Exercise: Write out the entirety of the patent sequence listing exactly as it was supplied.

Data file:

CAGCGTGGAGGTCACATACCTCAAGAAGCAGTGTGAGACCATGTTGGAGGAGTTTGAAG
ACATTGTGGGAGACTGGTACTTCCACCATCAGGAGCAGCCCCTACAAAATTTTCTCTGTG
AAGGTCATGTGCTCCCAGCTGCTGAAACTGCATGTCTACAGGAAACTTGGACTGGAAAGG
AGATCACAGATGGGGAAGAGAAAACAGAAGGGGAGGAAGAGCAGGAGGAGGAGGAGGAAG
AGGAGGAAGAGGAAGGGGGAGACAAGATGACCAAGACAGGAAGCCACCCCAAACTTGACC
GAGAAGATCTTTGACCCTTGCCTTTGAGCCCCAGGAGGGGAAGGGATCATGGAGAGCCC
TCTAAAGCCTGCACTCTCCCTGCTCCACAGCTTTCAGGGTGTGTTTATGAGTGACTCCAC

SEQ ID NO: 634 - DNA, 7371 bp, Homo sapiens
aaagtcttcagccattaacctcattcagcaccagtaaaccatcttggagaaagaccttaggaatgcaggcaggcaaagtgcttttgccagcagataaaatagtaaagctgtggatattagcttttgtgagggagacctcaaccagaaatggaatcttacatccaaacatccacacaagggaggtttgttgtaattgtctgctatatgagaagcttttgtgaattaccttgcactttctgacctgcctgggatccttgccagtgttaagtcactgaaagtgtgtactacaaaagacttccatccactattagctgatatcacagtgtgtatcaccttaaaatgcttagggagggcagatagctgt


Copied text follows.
CAGCGTGGAGGTCACATACCTCAAGAAGCAGTGTGAGACCATGTTGGAGGAGTTTGAAG
ACATTGTGGGAGACTGGTACTTCCACCATCAGGAGCAGCCCCTACAAAATTTTCTCTGTG
AAGGTCATGTGCTCCCAGCTGCTGAAACTGCATGTCTACAGGAAACTTGGACTGGAAAGG
AGATCACAGATGGGGAAGAGAAAACAGAAGGGGAGGAAGAGCAGGAGGAGGAGGAGGAAG
AGGAGGAAGAGGAAGGGGGAGACAAGATGACCAAGACAGGAAGCCACCCCAAACTTGACC
GAGAAGATCTTTGACCCTTGCCTTTGAGCCCCAGGAGGGGAAGGGATCATGGAGAGCCC
TCTAAAGCCTGCACTCTCCCTGCTCCACAGCTTTCAGGGTGTGTTTATGAGTGACTCCAC

SEQ ID NO: 634 - DNA, 7371 bp, Homo sapiens
aaagtcttcagccattaacctcattcagcaccagtaaaccatcttggagaaagaccttaggaatgcaggcaggcaaagtgcttttgccagcagataaaatagtaaagctgtggatattagcttttgtgagggagacctcaaccagaaatggaatcttacatccaaacatccacacaagggaggtttgttgtaattgtctgctatatgagaagcttttgtgaattaccttgcactttctgacctgcctgggatccttgccagtgttaagtcactgaaagtgtgtactacaaaagacttccatccactattagctgatatcacagtgtgtatcaccttaaaatgcttagggagggcagatagctgt